Lawmakers Consider Taxing Services as Consumers Spend Less on Retail Goods
By Jackson Brainerd
The sales tax is not what it used to be.
Although it’s still one of the most important and longest-standing sources of revenue for the 45 state governments that levy it, the tax has steadily lost ground for the last several decades as consumers increasingly spend more on services than on retail goods.
Services can be grouped in broad categories, such as professional (accounting, legal), personal (tanning, salons, barbers) and business (advertising, magazines). Many of these are exempt from sales taxes.
Most state legislatures adopted their sales taxes between 1930 and 1960 and chose to apply the tax to the sales of tangible personal property, which represented 60% or more of the average consumer’s total personal expenditures during that time. Since then, however, the amounts consumers spend on tangible property and services have basically reversed. Services now make up about two-thirds of personal consumption.
This narrowing of state sales tax bases has resulted in dwindling revenue. To compensate, lawmakers have gradually raised sales tax rates, which averaged 3.25% in 1970, 5% from 1990 through 2000, and 6% today.
Tax policy experts on both ends of the political spectrum generally agree that good tax policy follows the widely accepted principle of “broad bases, lower rates” and should fall to a greater degree on the things people buy the most.
The number of services taxed by each state varies fairly widely, according to a recently updated survey by the Federation of Tax Administrators. Only six states—Delaware, Hawaii, New Mexico, South Dakota, Washington and West Virginia—tax services broadly and few have expanded their tax bases. Perhaps most notable in the updated survey was how little things had changed from when it was last conducted, in 2007. Iowa and Kentucky both expanded their tax bases in 2018 to include a handful of services (tanning, landscaping, subscription services), and Connecticut added dry cleaning and interior design work in 2019. (Connecticut has added 20 services over the last decade, the most in the country.)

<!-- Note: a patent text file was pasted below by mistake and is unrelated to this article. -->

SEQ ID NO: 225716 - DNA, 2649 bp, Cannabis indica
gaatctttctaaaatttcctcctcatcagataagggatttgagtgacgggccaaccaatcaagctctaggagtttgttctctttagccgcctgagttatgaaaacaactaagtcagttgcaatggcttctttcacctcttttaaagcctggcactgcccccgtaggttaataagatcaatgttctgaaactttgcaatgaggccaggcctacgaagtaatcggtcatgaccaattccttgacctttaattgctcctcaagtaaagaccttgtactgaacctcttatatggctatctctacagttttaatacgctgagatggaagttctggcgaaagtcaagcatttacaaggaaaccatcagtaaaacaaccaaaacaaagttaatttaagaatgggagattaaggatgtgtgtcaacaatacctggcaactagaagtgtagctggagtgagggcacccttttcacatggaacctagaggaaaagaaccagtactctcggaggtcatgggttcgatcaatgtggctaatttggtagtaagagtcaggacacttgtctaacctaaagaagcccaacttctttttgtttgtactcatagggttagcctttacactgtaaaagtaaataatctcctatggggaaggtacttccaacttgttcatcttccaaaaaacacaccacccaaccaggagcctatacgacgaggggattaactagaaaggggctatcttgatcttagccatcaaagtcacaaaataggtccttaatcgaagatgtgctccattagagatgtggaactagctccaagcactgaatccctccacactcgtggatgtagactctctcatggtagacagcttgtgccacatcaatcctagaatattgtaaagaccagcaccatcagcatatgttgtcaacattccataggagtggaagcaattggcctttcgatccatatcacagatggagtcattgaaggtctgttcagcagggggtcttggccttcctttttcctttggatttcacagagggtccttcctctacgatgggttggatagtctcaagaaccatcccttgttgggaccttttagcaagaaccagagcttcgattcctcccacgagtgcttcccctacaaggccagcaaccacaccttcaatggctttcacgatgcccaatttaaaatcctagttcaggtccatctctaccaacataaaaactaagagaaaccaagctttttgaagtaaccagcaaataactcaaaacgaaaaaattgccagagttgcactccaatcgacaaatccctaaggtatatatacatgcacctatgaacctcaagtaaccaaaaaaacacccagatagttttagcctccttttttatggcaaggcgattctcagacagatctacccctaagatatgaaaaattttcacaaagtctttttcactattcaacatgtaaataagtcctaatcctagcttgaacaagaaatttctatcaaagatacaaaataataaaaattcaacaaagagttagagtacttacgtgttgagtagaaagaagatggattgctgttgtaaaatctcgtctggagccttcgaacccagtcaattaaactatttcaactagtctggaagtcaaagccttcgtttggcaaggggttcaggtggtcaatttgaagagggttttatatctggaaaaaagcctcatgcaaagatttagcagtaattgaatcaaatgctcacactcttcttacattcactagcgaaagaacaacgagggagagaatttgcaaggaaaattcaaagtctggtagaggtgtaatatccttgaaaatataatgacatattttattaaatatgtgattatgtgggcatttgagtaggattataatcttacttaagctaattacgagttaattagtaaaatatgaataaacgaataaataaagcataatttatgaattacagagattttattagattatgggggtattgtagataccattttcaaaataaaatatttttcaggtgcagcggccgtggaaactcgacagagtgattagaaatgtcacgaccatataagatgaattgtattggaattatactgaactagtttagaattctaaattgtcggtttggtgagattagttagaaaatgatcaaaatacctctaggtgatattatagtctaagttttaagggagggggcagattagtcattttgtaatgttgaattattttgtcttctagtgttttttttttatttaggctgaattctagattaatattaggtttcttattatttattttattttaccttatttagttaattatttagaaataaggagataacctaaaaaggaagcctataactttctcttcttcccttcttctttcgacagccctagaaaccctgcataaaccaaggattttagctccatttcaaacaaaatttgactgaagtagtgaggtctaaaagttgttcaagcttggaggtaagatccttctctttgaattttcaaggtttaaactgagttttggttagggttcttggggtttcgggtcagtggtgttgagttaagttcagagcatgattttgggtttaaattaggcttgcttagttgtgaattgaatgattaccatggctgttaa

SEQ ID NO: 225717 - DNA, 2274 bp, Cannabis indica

A significant majority of states, however, added fewer than 10, if any. But that may be changing.
In a December special session, Utah lawmakers passed an extensive tax reform package. Along with lowering income taxes, restoring the full grocery tax and repealing exemptions on motor fuel taxes, the legislation also eliminates certain sales tax exemptions (college sporting events, newspaper subscriptions, external car washes) and expands the sales tax to certain services (pet grooming and care, streaming media, parking lots and dating referral sites, to name a few). The loud buzz the overhaul generated in the Beehive State will likely pique interest elsewhere. A revenue working group in Massachusetts is considering ways to tax services.
The limited action on this front is due partly to the challenges in administering and defining taxation of services. Many services are complex and industry-specific, making them more difficult than tangible goods for states to value, define and determine how to audit.
It can be a very politically challenging task as well. No industry wants to see new tax burdens, and service taxation debates are prone to hyperbole. A proposed tax on legal services in Wisconsin in 2009 resulted in the state bar claiming it was nothing less than an attempt to tax “justice itself.” And in Washington, D.C., a tax on health club services was derided by the industry as a penalty for being healthy.
It’s not only businesses that oppose taxing services. Adding taxes to the cost of popular digital goods, entertainment and other consumer services can also draw criticism from the public. In fact, voters in Arizona and Missouri recently passed constitutional measures that ban the taxation of services. And at least two groups in Utah have already begun gathering signatures to force a referendum on the ballot to give voters the opportunity to repeal the state’s new law.
Although concerns about shrinking sales taxes have been building for decades, state legislatures have largely resorted to passing piecemeal efforts rather than adopting measures to tax services broadly. This year may very likely feature renewed state efforts.
Jackson Brainerd is a senior policy specialist in NCSL’s Fiscal Affairs Program.